Feast of St. Joseph: An inside look at Pope Francis’ spikenard plant

“Lower down on the shield there is a star and spikenard flower. The star, according to ancient armorial tradition, symbolizes the Virgin Mary, the Mother of Christ and the Church; while the spikenard symbolizes St Joseph, Patron of the Universal Church.

Mar 20, 2017

Deborah Castellano Lubov
“Lower down on the shield there is a star and spikenard flower. The star, according to ancient armorial tradition, symbolizes the Virgin Mary, the Mother of Christ and the Church; while the spikenard symbolizes St Joseph, Patron of the Universal Church. In traditional Hispanic iconography, St Joseph is shown with a vine in his hand. By bearing these images on his shield, the Pope communicates his special devotion to the Most Holy Virgin and to St Joseph.”

Here, in the description of Pope Francis’ coat of arms, that of when he was Archbishop of Buenos Aires, which he chose to keep when elected Successor of Peter, we hear about the spikenard flower plant.

Pope Francis is said to have wanted it to be part of his coat of arms as archbishop, as he always been especially fond of St. Joseph.

However, other than knowing it is on the Pope’s shield and that we have seen St. Joseph holding it, we still know rather little. Zenit has decided to take a closer look at this plant and its significance for the Argentine Pontiff, who celebrates the anniversary of the inauguration of Francis’ pontificate yesterday, Sunday March 19, 2017.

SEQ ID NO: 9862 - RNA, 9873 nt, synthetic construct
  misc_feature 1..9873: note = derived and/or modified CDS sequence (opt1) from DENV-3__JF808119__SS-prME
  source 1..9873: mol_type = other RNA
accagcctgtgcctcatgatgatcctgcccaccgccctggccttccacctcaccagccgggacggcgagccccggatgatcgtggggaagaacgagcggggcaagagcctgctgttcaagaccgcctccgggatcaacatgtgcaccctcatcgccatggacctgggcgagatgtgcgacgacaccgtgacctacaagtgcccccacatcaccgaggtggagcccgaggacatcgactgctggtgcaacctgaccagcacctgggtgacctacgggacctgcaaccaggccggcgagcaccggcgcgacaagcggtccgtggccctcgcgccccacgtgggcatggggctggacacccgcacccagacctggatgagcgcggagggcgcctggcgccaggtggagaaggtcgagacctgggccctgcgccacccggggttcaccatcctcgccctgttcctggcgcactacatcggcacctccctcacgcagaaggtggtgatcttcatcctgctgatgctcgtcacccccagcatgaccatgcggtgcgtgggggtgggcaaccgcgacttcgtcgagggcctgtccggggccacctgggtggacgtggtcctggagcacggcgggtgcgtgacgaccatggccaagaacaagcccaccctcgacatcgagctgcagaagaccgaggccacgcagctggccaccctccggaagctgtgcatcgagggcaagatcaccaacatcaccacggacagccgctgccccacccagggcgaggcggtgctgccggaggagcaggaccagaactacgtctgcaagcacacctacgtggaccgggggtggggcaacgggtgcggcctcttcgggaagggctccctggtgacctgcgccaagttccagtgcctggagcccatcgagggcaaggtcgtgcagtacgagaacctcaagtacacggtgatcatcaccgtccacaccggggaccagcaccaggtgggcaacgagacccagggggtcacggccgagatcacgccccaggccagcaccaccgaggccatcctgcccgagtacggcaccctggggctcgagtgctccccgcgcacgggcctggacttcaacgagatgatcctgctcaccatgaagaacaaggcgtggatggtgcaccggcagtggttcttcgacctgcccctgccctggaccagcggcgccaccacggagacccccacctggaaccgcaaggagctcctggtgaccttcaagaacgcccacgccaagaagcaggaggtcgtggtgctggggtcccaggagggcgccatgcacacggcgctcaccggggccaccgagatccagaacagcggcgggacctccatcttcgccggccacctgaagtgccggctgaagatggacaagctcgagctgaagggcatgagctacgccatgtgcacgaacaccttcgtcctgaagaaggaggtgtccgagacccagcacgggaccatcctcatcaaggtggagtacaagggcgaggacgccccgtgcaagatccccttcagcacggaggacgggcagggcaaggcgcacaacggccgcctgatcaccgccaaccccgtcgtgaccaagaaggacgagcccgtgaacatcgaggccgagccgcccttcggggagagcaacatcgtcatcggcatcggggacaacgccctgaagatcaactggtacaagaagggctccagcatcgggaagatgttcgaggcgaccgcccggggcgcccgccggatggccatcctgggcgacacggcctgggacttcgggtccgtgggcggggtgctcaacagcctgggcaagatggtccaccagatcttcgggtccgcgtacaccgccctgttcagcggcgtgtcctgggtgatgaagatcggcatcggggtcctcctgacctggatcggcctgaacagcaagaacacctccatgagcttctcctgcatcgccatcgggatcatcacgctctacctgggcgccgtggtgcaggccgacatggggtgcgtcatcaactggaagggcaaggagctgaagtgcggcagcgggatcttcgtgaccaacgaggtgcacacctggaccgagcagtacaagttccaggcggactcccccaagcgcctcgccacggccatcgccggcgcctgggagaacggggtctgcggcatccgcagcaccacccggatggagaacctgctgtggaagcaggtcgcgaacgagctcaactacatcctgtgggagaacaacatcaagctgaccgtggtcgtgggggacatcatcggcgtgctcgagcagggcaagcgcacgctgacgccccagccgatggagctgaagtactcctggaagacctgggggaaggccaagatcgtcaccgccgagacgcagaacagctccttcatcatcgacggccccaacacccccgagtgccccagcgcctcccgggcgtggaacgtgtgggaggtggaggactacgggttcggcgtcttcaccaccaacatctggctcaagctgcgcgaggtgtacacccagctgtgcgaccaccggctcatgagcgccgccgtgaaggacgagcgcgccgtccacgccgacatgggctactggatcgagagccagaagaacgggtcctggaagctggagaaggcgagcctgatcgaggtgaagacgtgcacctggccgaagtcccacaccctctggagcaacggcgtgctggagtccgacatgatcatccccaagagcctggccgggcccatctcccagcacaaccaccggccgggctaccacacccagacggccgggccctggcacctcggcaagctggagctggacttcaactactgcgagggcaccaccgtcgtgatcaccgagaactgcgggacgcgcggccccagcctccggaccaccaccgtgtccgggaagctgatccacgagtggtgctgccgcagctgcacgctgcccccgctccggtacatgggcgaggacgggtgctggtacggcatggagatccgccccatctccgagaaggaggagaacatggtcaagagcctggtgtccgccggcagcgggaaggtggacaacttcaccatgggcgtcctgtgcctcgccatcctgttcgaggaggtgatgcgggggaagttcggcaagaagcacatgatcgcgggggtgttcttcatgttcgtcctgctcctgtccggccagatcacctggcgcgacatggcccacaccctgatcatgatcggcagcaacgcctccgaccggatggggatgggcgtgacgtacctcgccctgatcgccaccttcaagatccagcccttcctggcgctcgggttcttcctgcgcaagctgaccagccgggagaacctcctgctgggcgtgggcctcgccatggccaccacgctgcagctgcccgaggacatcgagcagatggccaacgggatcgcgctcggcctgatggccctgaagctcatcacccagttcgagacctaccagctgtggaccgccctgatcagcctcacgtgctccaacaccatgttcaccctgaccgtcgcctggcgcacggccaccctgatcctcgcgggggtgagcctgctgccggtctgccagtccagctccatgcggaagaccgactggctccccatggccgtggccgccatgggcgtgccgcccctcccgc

First of all, spikenard, also referred to as nard, is a flowering plant of the Valerian family which grows in the Himalayas of India, Nepal, and China.

The oil it produces we have heard often in a Biblical context. Preserved in alabaster boxes, this expensive aromatic ointment’s chief ingredient is said to have been derived from Nardostachys jatamansi.

Since ancient times, from India to Europe, Nardostachys jatamansi oil has been used as a perfume, but also in religious and medicinal contexts.

In the Hispanic iconographic tradition, in fact, St Joseph is depicted with a branch of spikenard in his hand.

In both the Old Testament and the New Testament, the Bible contains several references to the spikenard, as a flower that gives a precious perfume which we hear about in the Gospel.

In the Old Testament, we see references to the spikenard plant, especially in Solomon’s Song of Songs.

In the Gospel, we see various references, including in Mark 14, Matthew 26, and John 12, with the Anointing at Bethany, where some presume Mary of Bethany to be Mary Magdalene, who, therefore, often is depicted with an alabaster jar of nard.--Zenit

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